An article published in The New York Times on August 30, “Coverage for end-of-life talks gaining ground,” looks at some of the challenging issues involving end-of-life care planning. Of particular interest is the possibility that physicians might be compensated for talking with patients about care choices regarding end-of-life care planning – also known as advance care planning.
The article begins: “Five years after it exploded into a political conflagration over ‘death panels,’ the issue of paying doctors to talk to patients about end-of-life care is making a comeback, and such sessions may be covered for the 50 million Americans on Medicare as early as next year.”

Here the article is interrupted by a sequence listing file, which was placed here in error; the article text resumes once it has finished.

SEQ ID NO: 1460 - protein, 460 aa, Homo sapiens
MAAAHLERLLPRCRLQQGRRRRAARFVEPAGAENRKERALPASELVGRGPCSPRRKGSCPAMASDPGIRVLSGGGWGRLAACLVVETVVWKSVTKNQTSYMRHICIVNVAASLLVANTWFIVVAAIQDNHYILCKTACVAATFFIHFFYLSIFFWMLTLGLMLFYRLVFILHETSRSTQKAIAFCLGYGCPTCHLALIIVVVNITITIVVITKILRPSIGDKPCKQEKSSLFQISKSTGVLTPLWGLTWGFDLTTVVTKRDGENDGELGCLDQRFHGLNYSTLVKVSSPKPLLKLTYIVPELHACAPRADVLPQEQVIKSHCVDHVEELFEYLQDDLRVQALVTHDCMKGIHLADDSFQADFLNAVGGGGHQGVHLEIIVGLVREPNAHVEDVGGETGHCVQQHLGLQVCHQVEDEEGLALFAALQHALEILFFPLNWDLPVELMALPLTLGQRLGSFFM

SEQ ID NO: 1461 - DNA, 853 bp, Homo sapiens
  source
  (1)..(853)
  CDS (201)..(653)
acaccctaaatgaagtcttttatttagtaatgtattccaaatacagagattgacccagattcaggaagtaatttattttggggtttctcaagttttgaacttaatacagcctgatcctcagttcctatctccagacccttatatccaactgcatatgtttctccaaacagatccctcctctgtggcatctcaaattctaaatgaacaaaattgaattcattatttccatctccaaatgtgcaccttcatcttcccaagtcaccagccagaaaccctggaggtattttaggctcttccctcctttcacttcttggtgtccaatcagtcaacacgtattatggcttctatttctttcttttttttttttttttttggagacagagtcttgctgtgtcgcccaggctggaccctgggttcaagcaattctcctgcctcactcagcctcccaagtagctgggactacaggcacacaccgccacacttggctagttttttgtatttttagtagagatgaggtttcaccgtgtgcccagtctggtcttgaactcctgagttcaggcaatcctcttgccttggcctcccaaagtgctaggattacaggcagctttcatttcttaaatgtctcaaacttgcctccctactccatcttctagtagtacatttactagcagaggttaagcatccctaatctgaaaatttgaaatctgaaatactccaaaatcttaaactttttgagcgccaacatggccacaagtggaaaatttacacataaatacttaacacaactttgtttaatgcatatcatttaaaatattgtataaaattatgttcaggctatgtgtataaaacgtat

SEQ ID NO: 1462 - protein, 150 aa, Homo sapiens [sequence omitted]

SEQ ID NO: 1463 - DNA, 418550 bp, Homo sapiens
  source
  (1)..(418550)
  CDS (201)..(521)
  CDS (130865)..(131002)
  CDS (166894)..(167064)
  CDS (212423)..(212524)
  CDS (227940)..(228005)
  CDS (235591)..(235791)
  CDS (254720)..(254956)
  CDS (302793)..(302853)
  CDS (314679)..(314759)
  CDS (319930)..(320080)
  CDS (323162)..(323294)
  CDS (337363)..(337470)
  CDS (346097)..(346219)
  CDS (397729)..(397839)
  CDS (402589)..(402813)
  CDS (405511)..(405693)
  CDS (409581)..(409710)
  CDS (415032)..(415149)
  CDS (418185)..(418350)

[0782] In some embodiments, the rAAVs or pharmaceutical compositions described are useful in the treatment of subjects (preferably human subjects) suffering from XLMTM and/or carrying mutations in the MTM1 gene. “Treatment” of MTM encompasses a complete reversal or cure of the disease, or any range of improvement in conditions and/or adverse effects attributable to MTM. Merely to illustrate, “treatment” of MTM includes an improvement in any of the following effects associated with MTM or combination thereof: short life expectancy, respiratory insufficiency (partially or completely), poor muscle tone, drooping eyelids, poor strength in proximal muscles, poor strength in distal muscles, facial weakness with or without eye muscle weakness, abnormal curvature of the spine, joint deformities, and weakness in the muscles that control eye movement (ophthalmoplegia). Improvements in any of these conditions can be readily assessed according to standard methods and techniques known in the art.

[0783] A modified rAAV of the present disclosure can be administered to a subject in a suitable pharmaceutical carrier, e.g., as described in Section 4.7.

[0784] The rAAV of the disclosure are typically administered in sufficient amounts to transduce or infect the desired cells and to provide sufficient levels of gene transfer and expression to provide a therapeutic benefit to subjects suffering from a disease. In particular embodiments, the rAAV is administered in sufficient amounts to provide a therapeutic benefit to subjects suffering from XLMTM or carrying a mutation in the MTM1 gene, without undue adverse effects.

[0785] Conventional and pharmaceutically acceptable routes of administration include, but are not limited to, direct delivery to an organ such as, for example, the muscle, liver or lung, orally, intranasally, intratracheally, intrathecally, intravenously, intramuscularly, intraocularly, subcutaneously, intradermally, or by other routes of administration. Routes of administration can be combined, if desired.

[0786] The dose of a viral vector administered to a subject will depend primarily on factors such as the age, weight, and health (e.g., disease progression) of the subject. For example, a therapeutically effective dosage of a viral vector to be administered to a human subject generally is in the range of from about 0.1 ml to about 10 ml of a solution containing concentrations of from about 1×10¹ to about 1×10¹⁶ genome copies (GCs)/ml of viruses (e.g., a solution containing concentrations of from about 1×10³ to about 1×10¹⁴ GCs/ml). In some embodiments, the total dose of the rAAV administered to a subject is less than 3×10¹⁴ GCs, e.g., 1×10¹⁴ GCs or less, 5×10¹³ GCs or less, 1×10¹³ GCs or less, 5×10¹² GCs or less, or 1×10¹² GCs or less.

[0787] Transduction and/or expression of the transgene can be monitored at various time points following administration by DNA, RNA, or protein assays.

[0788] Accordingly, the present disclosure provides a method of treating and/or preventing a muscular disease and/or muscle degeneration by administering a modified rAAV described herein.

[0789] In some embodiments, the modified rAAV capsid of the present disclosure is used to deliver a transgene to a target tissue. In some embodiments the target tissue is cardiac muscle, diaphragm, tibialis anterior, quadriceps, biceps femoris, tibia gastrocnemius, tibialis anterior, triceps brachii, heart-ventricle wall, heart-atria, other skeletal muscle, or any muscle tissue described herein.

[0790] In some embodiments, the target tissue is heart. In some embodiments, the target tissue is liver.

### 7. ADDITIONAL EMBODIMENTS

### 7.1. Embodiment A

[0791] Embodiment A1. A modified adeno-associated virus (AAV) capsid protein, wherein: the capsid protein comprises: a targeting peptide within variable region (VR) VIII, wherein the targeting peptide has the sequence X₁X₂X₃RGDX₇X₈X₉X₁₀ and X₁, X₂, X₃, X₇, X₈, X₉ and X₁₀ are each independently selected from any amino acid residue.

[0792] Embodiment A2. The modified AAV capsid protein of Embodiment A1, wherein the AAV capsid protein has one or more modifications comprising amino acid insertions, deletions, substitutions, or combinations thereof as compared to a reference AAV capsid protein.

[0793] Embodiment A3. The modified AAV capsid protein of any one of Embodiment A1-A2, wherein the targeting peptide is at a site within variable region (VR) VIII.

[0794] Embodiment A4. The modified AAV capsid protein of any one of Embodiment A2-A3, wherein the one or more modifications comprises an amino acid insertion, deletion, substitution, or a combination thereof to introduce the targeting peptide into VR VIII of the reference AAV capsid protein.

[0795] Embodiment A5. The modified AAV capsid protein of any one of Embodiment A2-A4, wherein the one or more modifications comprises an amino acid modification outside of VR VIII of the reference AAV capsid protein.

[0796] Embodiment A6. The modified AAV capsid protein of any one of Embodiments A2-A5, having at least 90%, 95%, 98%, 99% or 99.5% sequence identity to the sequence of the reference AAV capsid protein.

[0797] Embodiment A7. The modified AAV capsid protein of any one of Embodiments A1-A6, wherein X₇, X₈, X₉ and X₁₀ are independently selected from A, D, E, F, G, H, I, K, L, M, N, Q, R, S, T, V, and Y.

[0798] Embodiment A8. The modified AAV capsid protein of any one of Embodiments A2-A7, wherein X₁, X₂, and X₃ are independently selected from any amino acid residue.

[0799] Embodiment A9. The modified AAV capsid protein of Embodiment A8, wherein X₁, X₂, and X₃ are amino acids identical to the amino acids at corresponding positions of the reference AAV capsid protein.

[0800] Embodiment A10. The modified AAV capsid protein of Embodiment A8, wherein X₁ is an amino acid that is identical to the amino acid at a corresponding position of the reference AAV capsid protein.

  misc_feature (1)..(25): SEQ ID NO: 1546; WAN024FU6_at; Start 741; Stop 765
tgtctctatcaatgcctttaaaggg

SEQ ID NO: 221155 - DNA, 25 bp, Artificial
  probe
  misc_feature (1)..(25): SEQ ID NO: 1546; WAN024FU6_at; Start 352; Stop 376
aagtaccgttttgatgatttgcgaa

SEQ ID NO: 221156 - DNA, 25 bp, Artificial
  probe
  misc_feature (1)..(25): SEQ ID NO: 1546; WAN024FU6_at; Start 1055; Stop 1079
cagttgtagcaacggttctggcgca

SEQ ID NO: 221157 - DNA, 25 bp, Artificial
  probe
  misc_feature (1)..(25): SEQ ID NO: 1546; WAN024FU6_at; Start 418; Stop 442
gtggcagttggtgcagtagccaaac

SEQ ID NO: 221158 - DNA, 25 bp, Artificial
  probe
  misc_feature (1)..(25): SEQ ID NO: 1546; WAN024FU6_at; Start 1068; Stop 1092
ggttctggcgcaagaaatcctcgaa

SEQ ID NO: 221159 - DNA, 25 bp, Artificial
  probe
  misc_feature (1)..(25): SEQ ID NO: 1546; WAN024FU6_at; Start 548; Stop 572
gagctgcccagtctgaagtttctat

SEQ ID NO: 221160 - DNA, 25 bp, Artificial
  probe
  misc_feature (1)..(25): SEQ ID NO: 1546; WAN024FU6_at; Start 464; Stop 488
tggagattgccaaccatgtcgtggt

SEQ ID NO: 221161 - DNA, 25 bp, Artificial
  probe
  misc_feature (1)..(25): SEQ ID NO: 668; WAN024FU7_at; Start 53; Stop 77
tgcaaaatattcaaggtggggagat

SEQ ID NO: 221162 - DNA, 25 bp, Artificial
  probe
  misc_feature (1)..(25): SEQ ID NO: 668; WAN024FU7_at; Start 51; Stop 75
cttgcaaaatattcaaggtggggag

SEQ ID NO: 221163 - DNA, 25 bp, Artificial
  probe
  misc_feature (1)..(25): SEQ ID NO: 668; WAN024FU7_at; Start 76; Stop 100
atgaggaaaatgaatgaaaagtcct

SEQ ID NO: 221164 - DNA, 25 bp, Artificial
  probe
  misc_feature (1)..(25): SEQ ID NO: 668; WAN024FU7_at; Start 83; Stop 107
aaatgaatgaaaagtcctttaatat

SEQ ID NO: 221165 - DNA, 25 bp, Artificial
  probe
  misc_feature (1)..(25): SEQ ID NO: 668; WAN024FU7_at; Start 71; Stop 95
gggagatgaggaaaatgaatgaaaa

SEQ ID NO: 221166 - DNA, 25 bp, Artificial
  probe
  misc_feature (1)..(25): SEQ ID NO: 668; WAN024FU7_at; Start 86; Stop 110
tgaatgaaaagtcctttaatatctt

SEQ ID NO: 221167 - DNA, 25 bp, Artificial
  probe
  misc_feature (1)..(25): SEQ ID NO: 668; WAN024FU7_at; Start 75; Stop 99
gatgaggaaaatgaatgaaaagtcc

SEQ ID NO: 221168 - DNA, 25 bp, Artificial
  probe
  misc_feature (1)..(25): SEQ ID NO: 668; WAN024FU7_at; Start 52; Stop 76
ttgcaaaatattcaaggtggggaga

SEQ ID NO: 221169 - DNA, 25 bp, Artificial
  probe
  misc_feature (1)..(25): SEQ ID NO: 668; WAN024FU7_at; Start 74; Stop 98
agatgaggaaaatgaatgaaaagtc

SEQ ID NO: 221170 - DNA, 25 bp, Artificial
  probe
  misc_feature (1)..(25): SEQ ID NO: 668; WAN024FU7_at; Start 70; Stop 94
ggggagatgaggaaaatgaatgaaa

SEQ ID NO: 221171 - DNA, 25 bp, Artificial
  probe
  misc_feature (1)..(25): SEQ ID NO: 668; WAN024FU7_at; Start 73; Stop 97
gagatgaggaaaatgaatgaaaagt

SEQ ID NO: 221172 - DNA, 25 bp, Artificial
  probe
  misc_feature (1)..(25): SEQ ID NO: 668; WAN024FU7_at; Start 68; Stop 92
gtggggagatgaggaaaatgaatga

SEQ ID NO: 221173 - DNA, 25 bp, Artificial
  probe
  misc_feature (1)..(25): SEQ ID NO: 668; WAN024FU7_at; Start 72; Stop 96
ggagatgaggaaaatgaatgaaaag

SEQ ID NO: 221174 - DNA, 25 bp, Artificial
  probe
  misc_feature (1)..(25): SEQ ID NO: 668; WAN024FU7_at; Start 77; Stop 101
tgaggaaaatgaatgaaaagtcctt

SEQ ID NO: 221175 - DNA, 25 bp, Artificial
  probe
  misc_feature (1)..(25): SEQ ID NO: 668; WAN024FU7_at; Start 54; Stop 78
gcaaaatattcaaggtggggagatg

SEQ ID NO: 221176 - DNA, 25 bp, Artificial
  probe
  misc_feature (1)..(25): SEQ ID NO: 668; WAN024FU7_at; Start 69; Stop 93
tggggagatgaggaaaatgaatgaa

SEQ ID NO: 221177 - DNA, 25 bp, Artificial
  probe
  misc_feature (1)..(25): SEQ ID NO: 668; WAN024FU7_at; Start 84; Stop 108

The American Medical Association, which represents physicians, recently called for coverage of physician disussions about end-of-life care.
Hospice and palliative care providers have long supported greater access to information about advance care planning and have been leading advocates for increased awareness of end-of-life discussions among consumers and healthcare providers.
A range of materials on planning ahead are available on NHPCO’s Caring Connections website – including state-specific advance directives that maybe be downloaded free of charge.
CAPTION: Dr. Joseph Hinterberger discussed end-of-life care with Mary Ann Zebrowski. If reimbursed, “I’d do one of these a day,” he said. Credit Heather Ainsworth for The New York Times